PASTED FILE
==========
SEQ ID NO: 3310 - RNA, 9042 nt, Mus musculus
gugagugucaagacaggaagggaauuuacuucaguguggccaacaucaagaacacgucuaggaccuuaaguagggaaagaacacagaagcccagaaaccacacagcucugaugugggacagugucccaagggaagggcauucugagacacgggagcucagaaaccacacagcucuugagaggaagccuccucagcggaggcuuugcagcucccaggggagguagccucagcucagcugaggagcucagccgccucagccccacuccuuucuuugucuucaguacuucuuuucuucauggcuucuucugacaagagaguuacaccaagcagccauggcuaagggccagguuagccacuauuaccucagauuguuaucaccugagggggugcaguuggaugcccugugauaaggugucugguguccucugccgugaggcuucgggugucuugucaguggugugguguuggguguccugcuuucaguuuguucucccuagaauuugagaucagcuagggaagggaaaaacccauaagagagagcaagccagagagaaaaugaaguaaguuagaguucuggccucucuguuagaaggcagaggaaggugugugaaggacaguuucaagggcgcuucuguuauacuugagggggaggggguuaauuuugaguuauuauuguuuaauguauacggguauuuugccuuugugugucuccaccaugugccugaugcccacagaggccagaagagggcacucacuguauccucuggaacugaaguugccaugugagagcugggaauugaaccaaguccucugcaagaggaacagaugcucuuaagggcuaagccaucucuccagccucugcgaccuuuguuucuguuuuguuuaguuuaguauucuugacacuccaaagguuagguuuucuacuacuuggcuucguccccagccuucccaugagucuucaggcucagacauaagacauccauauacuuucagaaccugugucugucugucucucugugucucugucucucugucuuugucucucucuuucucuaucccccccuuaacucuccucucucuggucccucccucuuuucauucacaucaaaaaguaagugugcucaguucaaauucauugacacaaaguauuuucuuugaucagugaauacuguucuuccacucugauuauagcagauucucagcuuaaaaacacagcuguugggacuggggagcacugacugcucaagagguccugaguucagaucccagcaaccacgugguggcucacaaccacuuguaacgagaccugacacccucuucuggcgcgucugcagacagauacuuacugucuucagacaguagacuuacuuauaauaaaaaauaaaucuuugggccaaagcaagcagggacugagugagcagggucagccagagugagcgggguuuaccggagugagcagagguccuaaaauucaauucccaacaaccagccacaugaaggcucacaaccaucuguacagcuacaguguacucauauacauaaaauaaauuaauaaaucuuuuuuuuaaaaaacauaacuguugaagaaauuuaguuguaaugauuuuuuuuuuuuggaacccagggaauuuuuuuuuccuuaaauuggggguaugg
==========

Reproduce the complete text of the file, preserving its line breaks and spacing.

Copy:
SEQ ID NO: 3310 - RNA, 9042 nt, Mus musculus
gugagugucaagacaggaagggaauuuacuucaguguggccaacaucaagaacacgucuaggaccuuaaguagggaaagaacacagaagcccagaaaccacacagcucugaugugggacagugucccaagggaagggcauucugagacacgggagcucagaaaccacacagcucuugagaggaagccuccucagcggaggcuuugcagcucccaggggagguagccucagcucagcugaggagcucagccgccucagccccacuccuuucuuugucuucaguacuucuuuucuucauggcuucuucugacaagagaguuacaccaagcagccauggcuaagggccagguuagccacuauuaccucagauuguuaucaccugagggggugcaguuggaugcccugugauaaggugucugguguccucugccgugaggcuucgggugucuugucaguggugugguguuggguguccugcuuucaguuuguucucccuagaauuugagaucagcuagggaagggaaaaacccauaagagagagcaagccagagagaaaaugaaguaaguuagaguucuggccucucuguuagaaggcagaggaaggugugugaaggacaguuucaagggcgcuucuguuauacuugagggggaggggguuaauuuugaguuauuauuguuuaauguauacggguauuuugccuuugugugucuccaccaugugccugaugcccacagaggccagaagagggcacucacuguauccucuggaacugaaguugccaugugagagcugggaauugaaccaaguccucugcaagaggaacagaugcucuuaagggcuaagccaucucuccagccucugcgaccuuuguuucuguuuuguuuaguuuaguauucuugacacuccaaagguuagguuuucuacuacuuggcuucguccccagccuucccaugagucuucaggcucagacauaagacauccauauacuuucagaaccugugucugucugucucucugugucucugucucucugucuuugucucucucuuucucuaucccccccuuaacucuccucucucuggucccucccucuuuucauucacaucaaaaaguaagugugcucaguucaaauucauugacacaaaguauuuucuuugaucagugaauacuguucuuccacucugauuauagcagauucucagcuuaaaaacacagcuguugggacuggggagcacugacugcucaagagguccugaguucagaucccagcaaccacgugguggcucacaaccacuuguaacgagaccugacacccucuucuggcgcgucugcagacagauacuuacugucuucagacaguagacuuacuuauaauaaaaaauaaaucuuugggccaaagcaagcagggacugagugagcagggucagccagagugagcgggguuuaccggagugagcagagguccuaaaauucaauucccaacaaccagccacaugaaggcucacaaccaucuguacagcuacaguguacucauauacauaaaauaaauuaauaaaucuuuuuuuuaaaaaacauaacuguugaagaaauuuaguuguaaugauuuuuuuuuuuuggaacccagggaauuuuuuuuuccuuaaauuggggguaugg